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The Strength and Challenge of America

​​​By Mark Ames

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America’s elections are among our most revered traditions, serving as a beacon to the world. However, they also threaten to shatter, divide, and cut us into warring factions. This year, each side hoped for a defining, conclusive victory, but that is not what happened. While history was made in many areas, the results leave us with a feeling of uncertainty. A tension remains that yearns for a firmer declaration. 

The expression of this tension will come soon. 2019 will be a year of action, preparation, and contrast. There will not be a marketplace of ideas, but rather an arena of competition. Worker safety and health are among the contestants, vying for attention and action. Which issues are considered “problems,” how should they be solved, and which should be acted upon first in the windows of opportunity that open and close so quickly, and often with little warning? The answers to these questions will be found in our ability to establish or strengthen relationships with policymakers, and our ability to educate new and returning officials on the importance of occupational safety and health issues. Meeting and otherwise communicating with policymakers is of paramount importance because by doing so, we open up new opportunities to help protect workers. Please visit AIHA’s Government Relations Action Center to find out how to contact your state and federal elected representatives. 

The political landscape of America has been altered, and while power has shifted, it is not accurate to say that a transformation occurred. Democrats will now control the U.S. House of Representatives, while Republicans gained seats in the U.S. Senate. Although much can change in two years, in part because they did not overperform, Democratic House gains will likely be relatively easy to defend. Similarly, while more Republican senators are up for reelection in 2020 than Democrats, those Republican seats are expected to be fairly easy to defend, based upon past election results. This means that the shifts in Congressional power that begin in 2019 may be with us for several years to come, beyond the 2020 elections.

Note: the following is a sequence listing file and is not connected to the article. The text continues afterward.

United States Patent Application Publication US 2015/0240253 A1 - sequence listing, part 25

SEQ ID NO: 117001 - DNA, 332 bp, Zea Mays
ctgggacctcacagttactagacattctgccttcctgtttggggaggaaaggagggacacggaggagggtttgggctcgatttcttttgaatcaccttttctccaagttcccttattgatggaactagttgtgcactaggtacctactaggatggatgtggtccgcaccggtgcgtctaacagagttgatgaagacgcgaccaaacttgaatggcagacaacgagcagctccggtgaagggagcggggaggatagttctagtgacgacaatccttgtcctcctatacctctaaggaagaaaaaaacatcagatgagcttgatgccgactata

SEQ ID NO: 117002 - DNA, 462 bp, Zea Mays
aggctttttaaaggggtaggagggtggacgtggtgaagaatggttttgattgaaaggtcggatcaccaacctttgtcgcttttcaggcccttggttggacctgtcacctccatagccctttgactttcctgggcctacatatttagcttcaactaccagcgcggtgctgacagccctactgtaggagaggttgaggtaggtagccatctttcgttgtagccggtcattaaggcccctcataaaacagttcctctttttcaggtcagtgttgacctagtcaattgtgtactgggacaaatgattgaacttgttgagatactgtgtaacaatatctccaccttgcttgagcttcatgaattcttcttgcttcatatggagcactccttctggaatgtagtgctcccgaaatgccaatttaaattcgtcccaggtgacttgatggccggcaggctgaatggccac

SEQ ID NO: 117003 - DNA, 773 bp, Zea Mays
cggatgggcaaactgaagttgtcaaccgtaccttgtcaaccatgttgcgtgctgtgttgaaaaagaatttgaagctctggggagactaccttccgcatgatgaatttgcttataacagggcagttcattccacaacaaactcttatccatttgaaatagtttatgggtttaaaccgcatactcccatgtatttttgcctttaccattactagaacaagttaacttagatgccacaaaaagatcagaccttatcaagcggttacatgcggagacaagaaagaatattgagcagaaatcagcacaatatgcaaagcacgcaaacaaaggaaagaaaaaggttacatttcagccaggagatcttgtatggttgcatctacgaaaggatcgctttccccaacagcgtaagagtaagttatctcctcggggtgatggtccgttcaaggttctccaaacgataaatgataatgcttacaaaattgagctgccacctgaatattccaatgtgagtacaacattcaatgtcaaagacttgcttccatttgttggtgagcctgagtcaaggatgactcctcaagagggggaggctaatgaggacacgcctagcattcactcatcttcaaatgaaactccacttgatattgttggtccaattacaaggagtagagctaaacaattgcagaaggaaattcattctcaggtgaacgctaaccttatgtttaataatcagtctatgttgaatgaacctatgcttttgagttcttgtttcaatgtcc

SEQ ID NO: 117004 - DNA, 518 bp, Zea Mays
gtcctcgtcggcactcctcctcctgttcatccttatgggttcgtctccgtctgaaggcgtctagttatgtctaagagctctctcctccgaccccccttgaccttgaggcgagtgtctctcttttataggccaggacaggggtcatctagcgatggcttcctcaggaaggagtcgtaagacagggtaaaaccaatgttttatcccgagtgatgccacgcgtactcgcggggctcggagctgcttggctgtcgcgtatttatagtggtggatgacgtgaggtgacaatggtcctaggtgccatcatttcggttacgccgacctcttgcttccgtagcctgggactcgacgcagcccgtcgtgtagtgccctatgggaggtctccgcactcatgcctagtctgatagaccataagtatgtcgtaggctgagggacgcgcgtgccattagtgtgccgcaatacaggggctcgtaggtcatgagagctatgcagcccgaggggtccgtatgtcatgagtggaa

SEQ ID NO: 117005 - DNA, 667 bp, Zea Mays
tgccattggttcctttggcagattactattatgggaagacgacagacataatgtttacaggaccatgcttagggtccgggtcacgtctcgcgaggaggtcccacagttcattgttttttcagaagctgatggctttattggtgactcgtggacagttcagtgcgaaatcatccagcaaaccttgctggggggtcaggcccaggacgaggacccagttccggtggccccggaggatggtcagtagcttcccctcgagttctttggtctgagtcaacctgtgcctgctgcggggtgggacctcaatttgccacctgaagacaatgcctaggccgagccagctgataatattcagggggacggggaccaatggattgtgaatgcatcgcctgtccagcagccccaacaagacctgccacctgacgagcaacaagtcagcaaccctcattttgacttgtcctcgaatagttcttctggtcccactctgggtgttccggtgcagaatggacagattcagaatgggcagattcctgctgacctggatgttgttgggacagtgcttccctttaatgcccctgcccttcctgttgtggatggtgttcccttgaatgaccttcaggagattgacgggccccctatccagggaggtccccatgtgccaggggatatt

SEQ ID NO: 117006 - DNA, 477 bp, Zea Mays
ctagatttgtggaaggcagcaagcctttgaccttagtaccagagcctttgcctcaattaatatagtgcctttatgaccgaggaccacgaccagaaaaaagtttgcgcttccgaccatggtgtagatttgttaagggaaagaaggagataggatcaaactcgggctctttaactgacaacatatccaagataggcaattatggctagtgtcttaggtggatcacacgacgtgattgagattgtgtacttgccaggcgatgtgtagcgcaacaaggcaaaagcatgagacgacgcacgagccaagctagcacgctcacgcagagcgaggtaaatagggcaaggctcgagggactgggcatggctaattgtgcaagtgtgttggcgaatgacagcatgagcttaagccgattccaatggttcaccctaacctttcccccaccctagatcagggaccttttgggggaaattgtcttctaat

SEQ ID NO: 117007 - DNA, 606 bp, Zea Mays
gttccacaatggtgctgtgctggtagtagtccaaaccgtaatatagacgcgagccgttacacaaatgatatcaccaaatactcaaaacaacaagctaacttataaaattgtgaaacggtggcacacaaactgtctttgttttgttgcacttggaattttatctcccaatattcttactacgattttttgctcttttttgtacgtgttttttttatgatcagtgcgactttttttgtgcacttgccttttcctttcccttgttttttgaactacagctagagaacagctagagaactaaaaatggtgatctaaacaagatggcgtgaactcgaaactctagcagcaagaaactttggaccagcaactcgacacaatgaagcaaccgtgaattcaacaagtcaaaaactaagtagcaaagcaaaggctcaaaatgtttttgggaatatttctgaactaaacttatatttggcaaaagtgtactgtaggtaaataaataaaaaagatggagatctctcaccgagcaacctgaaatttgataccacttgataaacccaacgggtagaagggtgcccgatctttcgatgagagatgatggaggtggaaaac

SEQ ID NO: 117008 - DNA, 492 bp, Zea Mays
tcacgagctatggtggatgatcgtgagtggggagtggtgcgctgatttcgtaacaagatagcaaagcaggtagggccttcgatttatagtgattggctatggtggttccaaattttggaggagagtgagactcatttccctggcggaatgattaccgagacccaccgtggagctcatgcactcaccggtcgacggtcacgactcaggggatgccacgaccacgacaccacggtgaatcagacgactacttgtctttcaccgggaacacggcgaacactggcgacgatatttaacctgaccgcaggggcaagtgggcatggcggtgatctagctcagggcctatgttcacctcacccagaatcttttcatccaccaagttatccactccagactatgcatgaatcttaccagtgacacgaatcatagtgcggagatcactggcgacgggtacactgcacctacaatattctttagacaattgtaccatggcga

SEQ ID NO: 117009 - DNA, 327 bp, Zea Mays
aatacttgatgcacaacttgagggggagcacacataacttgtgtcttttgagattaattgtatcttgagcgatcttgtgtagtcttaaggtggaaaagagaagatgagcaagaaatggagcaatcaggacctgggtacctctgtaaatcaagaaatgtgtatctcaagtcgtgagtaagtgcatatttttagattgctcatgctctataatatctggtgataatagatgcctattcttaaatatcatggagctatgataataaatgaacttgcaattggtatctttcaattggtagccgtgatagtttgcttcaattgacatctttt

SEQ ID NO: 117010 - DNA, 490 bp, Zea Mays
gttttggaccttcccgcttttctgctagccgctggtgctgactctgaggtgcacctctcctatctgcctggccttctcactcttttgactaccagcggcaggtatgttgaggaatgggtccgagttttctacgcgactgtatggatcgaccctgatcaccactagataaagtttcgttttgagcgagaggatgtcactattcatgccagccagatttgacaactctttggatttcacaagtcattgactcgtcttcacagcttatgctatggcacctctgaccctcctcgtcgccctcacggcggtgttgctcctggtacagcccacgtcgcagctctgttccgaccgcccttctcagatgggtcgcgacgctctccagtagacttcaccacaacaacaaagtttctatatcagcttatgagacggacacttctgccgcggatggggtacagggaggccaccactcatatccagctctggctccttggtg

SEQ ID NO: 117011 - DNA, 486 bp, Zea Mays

On the state side, although Democrats made gains, winning seven governorships and six legislative chambers, Republicans held onto power in the vast majority of gubernatorial and state legislative elections. 

The aphorism that all politics is local still holds, and change is occurring throughout the nation. Democrats netted more than 280 gubernatorial, state legislative, and congressional seats. However, it’s equally useful to consider that, taken as a whole, elected officials in America are still more likely to be Republican than any other party. While this is expected to be the case for several years to come, it’s also true that the parties themselves are far from unified—and thus perhaps becoming less relevant. Factions of every type clamor for power, challenging leadership, as they seek to set the nation on a new path, drawing attention to themselves with increasingly heated rhetoric in the hopes of gaining prominence—and perhaps additional donors to fund their future campaigns. For the foreseeable future, this appears to be the stark course we are set upon. 

I often get asked how, as a nonpartisan organization, AIHA can navigate these hyper-partisan waters. The key is by providing a space for policymakers of all parties to come together for a common purpose: to protect the health and safety of their constituents, America’s workers. It is important to look beyond party affiliation, with the knowledge that policymakers’ support for or opposition to specific policies often depends more on their own experiences and who they represent than anything else. It is possible to find policymakers from all sides who are willing to take action. AIHA is strong in its nonpartisanship, which helps us to work with any and all policymakers who share our vision of a world where all workers are healthy and safe. Join us on Catalyst, where you’re invited to continue this discussion.



Mark Ames is AIHA’s director of Government Relations.

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